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Baxter, Meredith (b. 1947)  
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Baxter won another Emmy nomination for the CBS television movie A Woman Scorned: The Betty Broderick Story (1989), in which she played a woman who had murdered her ex-husband and his younger and prettier new wife. The film was based on an actual case. Baxter also starred in a sequel, Her Final Fury: Betty Broderick, The Last Chapter (1992), about Broderick's second trial—the first having ended in a hung jury—and eventual sentence to an extensive term in prison.

In 1993 Baxter starred in the CBS Schoolbreak Special program Other Mothers, playing one of the lesbian parents of a teen-age son.

"This has to be considered bold programming," wrote Matt Roush of USA Today, "for even daring to tackle the subject at a time when a Virginia judge can separate a child from his biological mother for the sole reason of her lesbianism." He further declared it "especially canny to cast Baxter" as one of the lesbian mothers since she was so firmly identified in viewers' minds with the ideal American mother, Elyse Keaton.

In 1993 Baxter also had her first love affair with a woman, although, as she told Blaine Zuckerman of People Weekly, "no lights went off for me" regarding her sexual identity, and the romance was brief.

In a 1994 television movie, My Breast, Baxter played a survivor of breast cancer, and some five years later she became one herself. Thanks to early detection she was successfully treated. Soon thereafter, she founded a company making skincare products, Meredith Baxter Simple Works, a portion of the profits from which she donates to breast cancer research.

Baxter married for the third time in 1995, but her union with screenwriter Michael Blodgett ended in divorce in 2000.

Some two years later, Baxter began a significant relationship with a woman and at last came to terms with her lesbianism. In the interview with Zuckerman she compared the moment of recognition to the first time that she put on eyeglasses: "I almost started to cry. . . . I just didn't know that that was the way things looked."

Baxter came out to her family and friends, who were all supportive. Among those she told was her mother's widower, screenwriter Allan Manings, who, when she revealed that she was "dating women," merely replied, "Huh. So am I."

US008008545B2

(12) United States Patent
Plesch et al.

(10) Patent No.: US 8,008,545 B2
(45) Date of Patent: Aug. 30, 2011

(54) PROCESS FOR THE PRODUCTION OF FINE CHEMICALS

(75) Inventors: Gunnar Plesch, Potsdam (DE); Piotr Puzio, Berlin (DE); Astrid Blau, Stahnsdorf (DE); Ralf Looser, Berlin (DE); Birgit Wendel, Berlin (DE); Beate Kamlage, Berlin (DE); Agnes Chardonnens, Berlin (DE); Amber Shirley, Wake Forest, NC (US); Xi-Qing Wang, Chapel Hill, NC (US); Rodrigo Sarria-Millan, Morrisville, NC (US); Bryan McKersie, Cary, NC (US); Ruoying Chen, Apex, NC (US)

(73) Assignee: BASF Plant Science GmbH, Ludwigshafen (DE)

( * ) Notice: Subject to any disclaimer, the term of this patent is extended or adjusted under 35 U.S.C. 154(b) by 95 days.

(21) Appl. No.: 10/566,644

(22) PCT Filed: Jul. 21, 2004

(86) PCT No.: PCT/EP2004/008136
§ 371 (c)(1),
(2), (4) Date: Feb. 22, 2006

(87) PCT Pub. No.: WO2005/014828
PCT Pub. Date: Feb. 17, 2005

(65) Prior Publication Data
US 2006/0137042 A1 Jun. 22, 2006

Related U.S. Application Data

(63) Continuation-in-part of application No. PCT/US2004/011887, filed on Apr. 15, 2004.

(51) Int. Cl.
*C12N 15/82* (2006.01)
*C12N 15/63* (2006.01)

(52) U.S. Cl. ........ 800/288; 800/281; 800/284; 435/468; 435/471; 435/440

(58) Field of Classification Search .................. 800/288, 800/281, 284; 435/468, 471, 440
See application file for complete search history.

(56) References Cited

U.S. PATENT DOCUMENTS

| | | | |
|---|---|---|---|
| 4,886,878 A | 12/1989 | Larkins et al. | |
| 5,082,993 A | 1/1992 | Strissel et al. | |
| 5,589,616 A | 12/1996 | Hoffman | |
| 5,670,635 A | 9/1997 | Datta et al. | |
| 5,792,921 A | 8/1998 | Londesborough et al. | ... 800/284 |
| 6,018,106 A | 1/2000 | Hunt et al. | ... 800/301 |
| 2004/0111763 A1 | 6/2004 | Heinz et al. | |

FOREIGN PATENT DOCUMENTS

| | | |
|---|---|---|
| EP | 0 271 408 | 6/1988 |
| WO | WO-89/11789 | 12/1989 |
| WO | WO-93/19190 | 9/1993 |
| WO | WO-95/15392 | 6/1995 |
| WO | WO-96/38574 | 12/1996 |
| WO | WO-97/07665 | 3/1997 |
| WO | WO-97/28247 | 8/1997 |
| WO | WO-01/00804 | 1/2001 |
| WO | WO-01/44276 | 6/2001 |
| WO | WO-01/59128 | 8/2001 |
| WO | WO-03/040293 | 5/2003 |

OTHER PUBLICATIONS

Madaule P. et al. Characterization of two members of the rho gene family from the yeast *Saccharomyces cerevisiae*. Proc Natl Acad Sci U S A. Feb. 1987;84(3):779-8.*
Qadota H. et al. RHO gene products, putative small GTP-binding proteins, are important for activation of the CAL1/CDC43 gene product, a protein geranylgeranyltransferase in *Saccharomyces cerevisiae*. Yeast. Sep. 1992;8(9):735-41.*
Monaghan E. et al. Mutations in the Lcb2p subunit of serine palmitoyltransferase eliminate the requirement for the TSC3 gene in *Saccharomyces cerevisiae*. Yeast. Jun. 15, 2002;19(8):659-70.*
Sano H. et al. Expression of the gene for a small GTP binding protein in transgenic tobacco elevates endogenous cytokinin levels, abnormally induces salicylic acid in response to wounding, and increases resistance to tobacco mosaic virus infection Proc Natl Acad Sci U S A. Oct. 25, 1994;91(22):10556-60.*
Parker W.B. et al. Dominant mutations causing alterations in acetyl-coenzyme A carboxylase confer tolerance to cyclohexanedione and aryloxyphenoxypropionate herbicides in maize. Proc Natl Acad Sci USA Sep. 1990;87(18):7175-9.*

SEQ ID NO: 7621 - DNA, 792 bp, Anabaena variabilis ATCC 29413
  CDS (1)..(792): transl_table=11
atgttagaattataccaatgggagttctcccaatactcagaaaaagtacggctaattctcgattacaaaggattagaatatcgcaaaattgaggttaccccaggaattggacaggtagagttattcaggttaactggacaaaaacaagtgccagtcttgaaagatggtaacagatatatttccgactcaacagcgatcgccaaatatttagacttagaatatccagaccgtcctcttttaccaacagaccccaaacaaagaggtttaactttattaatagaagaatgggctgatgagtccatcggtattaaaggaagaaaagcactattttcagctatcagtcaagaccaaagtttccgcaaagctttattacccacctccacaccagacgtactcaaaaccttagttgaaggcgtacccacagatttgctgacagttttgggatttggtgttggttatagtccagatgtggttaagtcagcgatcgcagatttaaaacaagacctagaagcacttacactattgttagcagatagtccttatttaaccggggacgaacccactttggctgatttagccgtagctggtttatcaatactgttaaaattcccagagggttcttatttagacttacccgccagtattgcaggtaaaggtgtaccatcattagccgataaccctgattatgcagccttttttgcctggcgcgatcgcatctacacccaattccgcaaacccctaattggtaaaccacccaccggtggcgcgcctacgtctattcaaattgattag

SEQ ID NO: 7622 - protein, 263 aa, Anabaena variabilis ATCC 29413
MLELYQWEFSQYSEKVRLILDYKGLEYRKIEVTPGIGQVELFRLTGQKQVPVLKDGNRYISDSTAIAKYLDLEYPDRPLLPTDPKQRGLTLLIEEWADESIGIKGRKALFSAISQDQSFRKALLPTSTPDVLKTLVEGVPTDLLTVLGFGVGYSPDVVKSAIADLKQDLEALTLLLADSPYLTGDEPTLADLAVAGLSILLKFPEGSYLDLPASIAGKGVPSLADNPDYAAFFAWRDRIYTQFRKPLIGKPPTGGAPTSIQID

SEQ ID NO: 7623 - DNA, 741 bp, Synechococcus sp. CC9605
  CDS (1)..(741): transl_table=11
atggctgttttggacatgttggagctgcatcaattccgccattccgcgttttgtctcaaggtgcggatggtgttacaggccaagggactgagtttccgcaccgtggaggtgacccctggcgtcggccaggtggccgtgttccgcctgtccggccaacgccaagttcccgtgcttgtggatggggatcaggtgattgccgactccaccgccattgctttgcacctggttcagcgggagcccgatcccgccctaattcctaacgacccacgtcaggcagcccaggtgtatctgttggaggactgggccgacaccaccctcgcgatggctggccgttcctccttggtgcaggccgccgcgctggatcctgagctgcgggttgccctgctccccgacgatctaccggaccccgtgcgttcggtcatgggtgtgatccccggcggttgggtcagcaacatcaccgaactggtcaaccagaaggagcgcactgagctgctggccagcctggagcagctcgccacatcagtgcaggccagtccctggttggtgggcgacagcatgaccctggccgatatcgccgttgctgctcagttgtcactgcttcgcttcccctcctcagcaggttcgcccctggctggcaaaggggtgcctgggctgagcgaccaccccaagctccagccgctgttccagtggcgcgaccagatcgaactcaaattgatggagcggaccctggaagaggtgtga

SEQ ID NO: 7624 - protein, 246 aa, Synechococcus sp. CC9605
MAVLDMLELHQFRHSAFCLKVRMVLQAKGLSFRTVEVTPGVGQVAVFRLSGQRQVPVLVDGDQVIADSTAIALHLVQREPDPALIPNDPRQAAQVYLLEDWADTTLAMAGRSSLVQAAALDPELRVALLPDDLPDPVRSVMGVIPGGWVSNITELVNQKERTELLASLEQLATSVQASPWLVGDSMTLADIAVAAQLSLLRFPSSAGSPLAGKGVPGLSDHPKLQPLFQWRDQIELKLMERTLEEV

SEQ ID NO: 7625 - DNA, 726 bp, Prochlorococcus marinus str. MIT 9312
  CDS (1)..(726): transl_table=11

After his death in 2010 Baxter discovered that he had obtained an online ministry certificate in hopes that he might some day serve as the officiant at her wedding.

In 2005 Baxter entered into a committed relationship with Nancy Locke, a building contractor, whom she introduced not only to her own family but also to some people in the entertainment industry, notably the cast members from Family Ties, who held a reunion dinner in 2008. All of them responded favorably, but Baxter remained reluctant to acknowledge her lesbianism publicly, fearful that it might cost her opportunities to work.

In April 2009 Baxter and Locke attended the Dinah Shore women's golf tournament, an annual event that attracts massive numbers of lesbian fans. Baxter told Tracy E. Gilchrist of The Advocate that friends helped them "slide in" essentially unnoticed because her "goal was to stay under the radar" since she "wasn't prepared for anything at the time."

Later that year the couple took a Caribbean cruise on the lesbian-centered Sweet line. Baxter was moved by a call from stand-up comedian Suzanne Westenhoefer, who was on the voyage as an entertainer, for everyone who was not out to come out, both for the good of the community and for their own peace of mind.

Although inspired to take action, Baxter also found her hand somewhat forced: before the ship even returned to New Orleans, word of the couple's presence on the cruise was spreading.

She did not want to be outed by the tabloid press and was, with the help of her business manager and a publicist, able to come out on her own terms in a dignified manner through an article in People Weekly and an interview with Matt Lauer of the Today show in December 2009.

Baxter admitted to some trepidation about coming out, but that was quickly succeeded by a feeling of relief. "If somebody's gonna say something, I don't care," she declared to Zuckerman. "For the first time, I'm where I want to be."

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